Linux Benchmark Suite 관련


This project is made up of various parties interested in measuring aspects
of linux performance. Some members are interested in performance of a specific
workload on normal PC architectures, some are comparing specific hardware
capabilities,some are trying to push linux’s scalibility limits on larger
systems, and some are trying to measure performance of specific applications.

One of the problems with benchmarking on linux is the ability to talk about
benchmark numbers in the open as certain benchmarks have specific restrictions
on their use, usually requiring the results to be audited and approved. We hope
to develop open benchmarks to use in substitution of restricted benchmarks.

Project Resources

Project management tools and mailing lists can be found on the SourceForge

Benchmark Tools

Quick-Hit Benchmarks

“Quick-hit” benchmarks are simple tests to measure a certain aspect of
performance, but usually do not give a larger perceptive of system performance.

  • Ttcp – measures the point-to-point bandwidth over a network connection
  • Ping – can measure the latency of a network connection
  • Hdparm – “-t” and “-T” options can be used to measure disk-to-memory (disk reads) transfer rates
  • Dga – the “-b” option measures CPU/video memory bandwidth

Synthetic Benchmarks

Synthetic benchmarks are similar to “quick-hit” tests in that they are
not meant to represent a “real-world” workload, but can often be useful in
measuring the maximum capacity of specific aspects of a system.

  • lmbench – a GPL’d suite of
    atomic benchmarks, no publishing restrictions

  • UnixBench
    – a fundamental high-level Linux benchmark suite,
    Unixbench integrates CPU and file I/O tests, as well as system
    behaviour under various user loads

  • AIM9
    – the AIM Independent Resource Benchmark exercises and times
    each component of a UNIX computer system, independently. The benchmark
    uses 58 subtests to generate absolute processing rates, in operations
    per second, for subsystems, I/O transfers, function calls, and UNIX
    system calls. GPL’d and can be published under the “non-audited” clause.

  • Netperf – a sophisticated network and filesystem benchmark, freely available, publishable?
  • SSLperf – open source web benchmark designed to measure performance of SSL operations
  • dbench – similar
    workload to netbench but GPL’d and much easier to config and run (doesn’t
    require clients), suite also includes tbench and smbtorture, no publishing restrictions
  • Bonnie – io throughput benchmark, GPL’d with no publishing restrictions
  • Bonnie++ an enhanced version of bonnie written in C++, GPL’d with no publishing restrictions
  • Iozone is useful for performing a
    broad filesystem analysis of a vendor’s computer platform. The
    benchmark tests file I/O performance for the following operations:
    Read, write, re-read, re-write, read backwards, read strided, fread,
    fwrite, random read, pread ,mmap, aio_read, aio_write. It has recently
    added tests for NFS, CIFS, and distributed/cluster systems.

  • SPEC CPU2000 – benchmark suite designed to
    evaluate raw cpu and compiler power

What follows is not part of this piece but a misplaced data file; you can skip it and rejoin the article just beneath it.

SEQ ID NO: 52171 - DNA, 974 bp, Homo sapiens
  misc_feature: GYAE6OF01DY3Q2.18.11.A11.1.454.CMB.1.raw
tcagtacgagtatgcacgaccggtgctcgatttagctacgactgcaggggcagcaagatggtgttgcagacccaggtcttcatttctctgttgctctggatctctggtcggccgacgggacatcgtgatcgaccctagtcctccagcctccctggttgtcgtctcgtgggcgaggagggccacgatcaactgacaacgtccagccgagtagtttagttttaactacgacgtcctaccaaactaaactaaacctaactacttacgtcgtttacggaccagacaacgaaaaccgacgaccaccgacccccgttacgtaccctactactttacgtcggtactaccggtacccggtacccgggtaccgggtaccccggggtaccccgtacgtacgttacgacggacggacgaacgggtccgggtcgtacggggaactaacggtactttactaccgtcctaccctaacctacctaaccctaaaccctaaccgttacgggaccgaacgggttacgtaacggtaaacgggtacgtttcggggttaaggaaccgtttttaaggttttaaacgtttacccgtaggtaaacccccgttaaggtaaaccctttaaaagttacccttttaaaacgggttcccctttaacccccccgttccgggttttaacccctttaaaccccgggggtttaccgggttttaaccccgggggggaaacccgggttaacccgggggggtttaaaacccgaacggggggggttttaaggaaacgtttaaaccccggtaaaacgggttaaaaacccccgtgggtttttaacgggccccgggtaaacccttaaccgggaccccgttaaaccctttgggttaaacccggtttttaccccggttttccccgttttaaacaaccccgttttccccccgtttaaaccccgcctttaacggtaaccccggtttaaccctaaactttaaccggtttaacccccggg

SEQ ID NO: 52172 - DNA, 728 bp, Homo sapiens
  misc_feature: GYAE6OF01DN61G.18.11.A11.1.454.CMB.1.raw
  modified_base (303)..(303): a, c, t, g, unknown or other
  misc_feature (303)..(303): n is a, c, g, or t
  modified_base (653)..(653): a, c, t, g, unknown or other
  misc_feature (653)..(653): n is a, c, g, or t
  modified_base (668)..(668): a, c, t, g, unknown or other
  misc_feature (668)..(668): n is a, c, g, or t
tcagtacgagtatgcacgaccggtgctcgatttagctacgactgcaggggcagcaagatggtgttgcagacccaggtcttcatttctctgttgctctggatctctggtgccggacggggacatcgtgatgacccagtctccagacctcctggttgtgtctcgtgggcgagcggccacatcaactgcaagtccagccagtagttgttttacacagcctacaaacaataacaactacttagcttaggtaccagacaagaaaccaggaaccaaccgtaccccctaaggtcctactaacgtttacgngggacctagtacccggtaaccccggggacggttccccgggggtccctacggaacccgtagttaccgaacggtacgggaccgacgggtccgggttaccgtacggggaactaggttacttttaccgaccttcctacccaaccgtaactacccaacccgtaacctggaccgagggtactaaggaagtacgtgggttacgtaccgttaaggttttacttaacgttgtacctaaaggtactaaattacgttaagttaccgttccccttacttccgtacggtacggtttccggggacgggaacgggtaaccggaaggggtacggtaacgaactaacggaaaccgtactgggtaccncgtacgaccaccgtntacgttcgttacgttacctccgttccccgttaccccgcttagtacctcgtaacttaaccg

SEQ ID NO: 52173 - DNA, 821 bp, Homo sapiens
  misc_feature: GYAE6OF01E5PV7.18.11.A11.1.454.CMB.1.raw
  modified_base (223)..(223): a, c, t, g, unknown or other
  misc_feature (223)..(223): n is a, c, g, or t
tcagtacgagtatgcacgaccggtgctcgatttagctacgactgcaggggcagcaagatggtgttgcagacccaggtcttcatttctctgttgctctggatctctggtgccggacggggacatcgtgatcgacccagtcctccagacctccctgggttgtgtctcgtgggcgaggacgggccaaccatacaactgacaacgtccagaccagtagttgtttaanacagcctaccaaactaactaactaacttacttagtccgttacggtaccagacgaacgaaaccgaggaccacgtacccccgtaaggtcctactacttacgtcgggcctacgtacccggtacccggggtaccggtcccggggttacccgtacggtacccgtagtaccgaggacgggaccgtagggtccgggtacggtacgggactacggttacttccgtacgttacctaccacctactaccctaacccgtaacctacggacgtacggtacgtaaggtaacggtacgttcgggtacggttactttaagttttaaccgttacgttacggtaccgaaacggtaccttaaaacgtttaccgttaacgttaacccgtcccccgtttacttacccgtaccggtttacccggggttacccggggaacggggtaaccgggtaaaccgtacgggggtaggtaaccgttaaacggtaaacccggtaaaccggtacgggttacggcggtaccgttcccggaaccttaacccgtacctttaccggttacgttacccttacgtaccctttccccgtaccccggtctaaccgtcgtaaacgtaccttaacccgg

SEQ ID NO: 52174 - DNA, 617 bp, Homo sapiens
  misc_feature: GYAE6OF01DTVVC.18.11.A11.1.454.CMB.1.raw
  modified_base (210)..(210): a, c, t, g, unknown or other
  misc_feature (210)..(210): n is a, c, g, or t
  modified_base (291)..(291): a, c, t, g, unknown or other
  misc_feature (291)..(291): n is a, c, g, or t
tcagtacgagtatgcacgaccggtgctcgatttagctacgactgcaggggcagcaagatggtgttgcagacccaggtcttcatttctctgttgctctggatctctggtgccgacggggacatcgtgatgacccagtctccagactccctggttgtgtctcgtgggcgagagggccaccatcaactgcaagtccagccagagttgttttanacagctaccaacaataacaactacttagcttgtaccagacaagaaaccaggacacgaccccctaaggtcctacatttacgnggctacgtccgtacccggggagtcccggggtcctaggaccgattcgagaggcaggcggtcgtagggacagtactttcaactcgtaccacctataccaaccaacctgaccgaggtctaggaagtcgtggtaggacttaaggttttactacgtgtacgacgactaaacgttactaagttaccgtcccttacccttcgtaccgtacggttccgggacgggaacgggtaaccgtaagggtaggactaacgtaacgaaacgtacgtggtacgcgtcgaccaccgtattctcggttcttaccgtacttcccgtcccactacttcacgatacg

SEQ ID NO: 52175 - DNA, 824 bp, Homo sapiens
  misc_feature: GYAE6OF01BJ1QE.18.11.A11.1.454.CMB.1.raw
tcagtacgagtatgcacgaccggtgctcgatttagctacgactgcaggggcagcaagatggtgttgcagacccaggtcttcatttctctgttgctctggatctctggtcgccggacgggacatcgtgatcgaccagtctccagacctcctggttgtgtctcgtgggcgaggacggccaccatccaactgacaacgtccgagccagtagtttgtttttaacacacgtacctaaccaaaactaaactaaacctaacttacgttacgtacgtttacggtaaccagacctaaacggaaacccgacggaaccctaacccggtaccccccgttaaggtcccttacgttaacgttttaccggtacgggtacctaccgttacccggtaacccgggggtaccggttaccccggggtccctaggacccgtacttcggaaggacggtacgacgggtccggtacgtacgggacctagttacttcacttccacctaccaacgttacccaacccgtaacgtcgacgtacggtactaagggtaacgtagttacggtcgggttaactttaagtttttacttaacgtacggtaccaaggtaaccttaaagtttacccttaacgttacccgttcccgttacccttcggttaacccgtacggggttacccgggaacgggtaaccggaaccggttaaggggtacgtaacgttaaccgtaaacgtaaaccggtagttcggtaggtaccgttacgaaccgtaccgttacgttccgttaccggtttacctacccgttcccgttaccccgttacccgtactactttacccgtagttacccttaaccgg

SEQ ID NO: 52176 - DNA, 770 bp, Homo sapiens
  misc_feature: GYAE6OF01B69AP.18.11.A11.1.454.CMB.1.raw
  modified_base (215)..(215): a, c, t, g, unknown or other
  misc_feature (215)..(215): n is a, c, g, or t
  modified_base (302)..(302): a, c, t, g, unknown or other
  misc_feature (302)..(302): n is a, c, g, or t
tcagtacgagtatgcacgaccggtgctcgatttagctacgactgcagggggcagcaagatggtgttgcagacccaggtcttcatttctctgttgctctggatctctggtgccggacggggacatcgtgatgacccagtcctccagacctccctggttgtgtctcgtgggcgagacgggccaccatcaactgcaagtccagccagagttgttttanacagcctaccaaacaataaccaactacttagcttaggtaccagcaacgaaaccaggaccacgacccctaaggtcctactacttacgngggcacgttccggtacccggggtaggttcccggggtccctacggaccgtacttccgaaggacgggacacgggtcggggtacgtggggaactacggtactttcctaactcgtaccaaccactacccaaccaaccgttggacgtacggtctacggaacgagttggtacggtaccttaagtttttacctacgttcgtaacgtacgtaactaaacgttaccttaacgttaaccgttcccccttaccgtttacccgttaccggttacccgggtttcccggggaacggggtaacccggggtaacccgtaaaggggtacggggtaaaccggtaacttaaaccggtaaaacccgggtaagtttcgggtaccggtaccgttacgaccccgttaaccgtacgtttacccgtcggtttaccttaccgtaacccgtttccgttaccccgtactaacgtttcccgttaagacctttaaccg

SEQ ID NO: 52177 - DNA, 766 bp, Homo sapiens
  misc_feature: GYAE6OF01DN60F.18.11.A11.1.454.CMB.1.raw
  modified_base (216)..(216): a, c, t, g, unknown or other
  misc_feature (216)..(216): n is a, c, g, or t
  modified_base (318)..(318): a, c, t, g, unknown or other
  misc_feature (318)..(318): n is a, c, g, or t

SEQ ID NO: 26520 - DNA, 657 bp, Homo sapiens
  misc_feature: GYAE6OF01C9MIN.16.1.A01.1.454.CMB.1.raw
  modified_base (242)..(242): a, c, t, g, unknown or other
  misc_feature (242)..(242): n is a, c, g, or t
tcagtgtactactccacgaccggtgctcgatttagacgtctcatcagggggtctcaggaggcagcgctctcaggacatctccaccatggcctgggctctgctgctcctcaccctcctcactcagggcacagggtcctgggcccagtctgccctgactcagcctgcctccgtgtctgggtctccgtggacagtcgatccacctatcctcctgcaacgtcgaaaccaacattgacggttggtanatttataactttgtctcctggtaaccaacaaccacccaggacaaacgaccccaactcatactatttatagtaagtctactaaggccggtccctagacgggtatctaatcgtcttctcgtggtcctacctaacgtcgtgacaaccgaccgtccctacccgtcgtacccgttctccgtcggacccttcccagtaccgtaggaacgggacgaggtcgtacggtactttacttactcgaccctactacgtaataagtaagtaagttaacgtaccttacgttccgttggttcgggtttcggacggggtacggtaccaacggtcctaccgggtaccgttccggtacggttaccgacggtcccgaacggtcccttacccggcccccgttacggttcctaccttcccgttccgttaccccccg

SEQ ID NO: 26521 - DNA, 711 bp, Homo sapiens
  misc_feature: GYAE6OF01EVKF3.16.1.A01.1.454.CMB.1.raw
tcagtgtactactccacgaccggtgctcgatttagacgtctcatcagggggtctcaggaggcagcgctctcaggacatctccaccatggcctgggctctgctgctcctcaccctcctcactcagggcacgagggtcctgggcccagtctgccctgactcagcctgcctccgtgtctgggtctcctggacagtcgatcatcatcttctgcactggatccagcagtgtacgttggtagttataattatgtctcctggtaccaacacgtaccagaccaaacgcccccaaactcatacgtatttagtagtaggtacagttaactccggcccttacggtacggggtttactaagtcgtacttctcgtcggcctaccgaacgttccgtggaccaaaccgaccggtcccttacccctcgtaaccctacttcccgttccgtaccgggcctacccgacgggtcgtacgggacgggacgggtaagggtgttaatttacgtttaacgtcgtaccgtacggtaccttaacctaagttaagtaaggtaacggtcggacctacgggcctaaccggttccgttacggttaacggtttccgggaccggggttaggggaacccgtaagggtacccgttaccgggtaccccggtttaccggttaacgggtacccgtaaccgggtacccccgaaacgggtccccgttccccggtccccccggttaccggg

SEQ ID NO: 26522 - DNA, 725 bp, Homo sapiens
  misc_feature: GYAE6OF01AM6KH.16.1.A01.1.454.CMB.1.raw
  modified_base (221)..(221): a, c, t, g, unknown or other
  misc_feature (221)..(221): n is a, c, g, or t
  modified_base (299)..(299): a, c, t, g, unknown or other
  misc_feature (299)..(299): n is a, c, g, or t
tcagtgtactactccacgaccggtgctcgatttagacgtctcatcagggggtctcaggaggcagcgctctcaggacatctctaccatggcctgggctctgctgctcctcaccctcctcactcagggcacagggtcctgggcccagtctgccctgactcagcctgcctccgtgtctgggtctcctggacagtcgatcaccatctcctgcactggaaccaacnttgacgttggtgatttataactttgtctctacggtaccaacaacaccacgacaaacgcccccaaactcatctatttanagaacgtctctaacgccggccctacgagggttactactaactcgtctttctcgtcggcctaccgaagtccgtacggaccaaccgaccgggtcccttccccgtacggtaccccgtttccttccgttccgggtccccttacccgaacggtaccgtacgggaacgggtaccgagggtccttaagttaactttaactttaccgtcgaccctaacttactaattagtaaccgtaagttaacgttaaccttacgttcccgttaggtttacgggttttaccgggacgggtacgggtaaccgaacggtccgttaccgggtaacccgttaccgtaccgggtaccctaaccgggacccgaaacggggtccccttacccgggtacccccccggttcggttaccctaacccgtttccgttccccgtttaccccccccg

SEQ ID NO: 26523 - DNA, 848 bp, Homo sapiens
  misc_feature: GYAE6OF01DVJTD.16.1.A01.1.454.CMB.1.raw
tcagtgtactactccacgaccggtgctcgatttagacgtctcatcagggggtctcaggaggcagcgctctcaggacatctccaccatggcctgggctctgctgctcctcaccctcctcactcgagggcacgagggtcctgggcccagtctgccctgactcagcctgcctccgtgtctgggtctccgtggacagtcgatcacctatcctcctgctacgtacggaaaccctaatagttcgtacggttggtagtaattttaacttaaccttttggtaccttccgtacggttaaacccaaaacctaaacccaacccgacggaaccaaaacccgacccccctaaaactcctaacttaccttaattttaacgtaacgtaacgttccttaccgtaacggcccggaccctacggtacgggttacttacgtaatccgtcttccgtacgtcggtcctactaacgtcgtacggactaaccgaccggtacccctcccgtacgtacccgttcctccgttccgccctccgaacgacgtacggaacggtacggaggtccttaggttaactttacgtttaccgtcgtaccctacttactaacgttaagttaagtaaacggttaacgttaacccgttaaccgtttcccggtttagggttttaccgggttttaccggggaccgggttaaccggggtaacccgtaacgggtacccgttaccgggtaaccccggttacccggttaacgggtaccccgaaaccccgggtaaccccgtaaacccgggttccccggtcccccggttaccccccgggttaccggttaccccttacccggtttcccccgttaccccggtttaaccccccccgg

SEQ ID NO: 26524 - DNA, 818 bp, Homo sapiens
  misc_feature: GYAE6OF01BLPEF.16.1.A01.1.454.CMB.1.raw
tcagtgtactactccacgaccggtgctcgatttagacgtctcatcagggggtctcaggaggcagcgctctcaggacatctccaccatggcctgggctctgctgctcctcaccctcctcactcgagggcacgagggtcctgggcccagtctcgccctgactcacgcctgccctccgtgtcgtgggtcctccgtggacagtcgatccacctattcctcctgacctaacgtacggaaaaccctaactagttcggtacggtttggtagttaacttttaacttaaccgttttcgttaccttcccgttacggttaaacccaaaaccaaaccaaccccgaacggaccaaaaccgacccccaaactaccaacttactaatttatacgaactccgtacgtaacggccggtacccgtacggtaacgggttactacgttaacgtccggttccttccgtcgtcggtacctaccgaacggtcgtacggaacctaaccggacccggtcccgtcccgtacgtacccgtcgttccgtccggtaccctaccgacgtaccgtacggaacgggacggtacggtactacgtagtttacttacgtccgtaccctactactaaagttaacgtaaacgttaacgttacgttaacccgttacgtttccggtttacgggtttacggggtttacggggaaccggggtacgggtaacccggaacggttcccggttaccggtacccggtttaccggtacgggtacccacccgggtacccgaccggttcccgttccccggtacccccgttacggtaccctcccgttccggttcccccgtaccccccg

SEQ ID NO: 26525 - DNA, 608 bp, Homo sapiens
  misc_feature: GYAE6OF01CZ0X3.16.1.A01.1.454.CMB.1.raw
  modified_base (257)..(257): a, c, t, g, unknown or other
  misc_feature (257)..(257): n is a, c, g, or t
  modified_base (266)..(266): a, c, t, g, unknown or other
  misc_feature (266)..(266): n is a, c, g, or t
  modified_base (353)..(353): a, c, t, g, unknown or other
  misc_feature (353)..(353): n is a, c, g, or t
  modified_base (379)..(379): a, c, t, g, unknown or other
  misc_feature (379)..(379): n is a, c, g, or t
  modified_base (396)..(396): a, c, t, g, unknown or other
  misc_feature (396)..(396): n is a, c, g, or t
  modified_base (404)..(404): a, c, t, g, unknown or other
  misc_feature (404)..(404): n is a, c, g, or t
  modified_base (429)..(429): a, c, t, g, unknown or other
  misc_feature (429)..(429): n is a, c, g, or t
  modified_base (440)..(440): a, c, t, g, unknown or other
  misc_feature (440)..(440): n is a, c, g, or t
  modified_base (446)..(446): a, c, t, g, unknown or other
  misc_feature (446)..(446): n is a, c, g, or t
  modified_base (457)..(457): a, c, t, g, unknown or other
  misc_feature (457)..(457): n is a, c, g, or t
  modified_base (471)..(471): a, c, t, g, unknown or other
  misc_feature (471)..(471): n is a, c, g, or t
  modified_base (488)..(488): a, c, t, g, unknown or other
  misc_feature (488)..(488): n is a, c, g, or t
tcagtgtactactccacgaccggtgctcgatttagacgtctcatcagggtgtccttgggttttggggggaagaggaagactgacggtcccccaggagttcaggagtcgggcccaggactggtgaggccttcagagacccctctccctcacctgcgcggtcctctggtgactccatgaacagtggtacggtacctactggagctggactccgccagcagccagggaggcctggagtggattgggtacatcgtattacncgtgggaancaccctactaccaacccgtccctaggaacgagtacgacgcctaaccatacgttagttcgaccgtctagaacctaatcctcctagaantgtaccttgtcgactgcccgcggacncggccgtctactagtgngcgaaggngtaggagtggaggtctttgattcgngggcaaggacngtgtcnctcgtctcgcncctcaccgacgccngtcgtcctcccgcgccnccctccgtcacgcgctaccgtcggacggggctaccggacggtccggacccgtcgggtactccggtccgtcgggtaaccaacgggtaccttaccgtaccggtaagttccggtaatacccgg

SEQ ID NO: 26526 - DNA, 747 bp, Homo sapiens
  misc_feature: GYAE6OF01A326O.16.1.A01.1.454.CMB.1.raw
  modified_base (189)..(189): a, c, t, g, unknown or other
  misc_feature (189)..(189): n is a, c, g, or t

• BYTEmark – CPU
    benchmark suite, reporting CPU/cache/memory, integer and floating-point
  • Cachebench – measures bandwidth of the memory subsystem (L1, L2 and main memory)
  • Stream – measures
    sustainable memory bandwidth vs. FPU performance

  • SPECviewperf – synthetic graphics benchmark
  • Xengine – a little X window toy that shows the speed with which a
    system will redraw a coloured bitmap on screen (a simulation of a four
    cycle engine), availible from
  • Xbench Xserver benchmark
  • XMark93 – Xserver benchmark (part of SPEC, defunct?)

Application Benchmarks

  • Open Source Database Benchmark
    – GPL’d benchmark based on the AS3AP database benchmark with no
    publishing restrictions
  • VolanoMark – a
    Java-based chat room benchmark, freely availible, publishable?
  • chat – a GPL’d chat room benchmark
    written in C, designed to emulate VolanoMark behavior, no publishing
  • Postal SMTP mail delivery
    test and POP mail reception test

  • AIM7
    – the AIM Multiuser Benchmark – Suite VII tests and measures
    the performance of Open System multiuser computers. It comes with
    preconfigured workload mixes for Multiuser/Shared System, Compute
    Server, Large Database,and File Server. Publishable under the
    “non-audited” clause.
  • Webstone – web server benchmark, freely availible, publishable?
  • MDBNCH – a large FORTRAN 77 application benchmark, accesses a large data set in a very irregular pattern, generates misses in both the L1 and L2 caches
  • TPC-A – now defunct Online Transaction Processing (OLTP) database benchmark
  • TPC-B – now defunct Online Transaction Processing (OLTP) database benchmark
  • TPC-C – current industry standard Online Transaction Processing (OLTP) database benchmark
  • TPC-D – now defunct Decision Support System (DSS) database benchmark
  • TPC-H – current industry standard ad-hoc DSS database benchmark
  • TPC-R – current industry standard Business Reporting database benchmark
  • TPC-W – current industry standard E-commerce database benchmark
  • SPECapc – graphics application benchmark
  • SPEC HPC96 – hpc application benchmark
  • SPEC JBB2000 – server-side Java benchmark
  • SPEC JVM98 – client-side Java benchmark
  • SPEC SFS97 – NFS benchmark
  • SPEC WEB99 – Web server benchmark
  • SPEC SDM – defunct multi-user system benchmark
  • NAS Parallel Benchmark
    – Computational Fluid Dynamics benchmark, source freely available,

  • ARC2D Benchmark
    – scientific benchmark, source freely available,
    PARellel Kernels and BENCHmarks
  • High Performance Linpack

Findings and Whitepapers

Other useful resources


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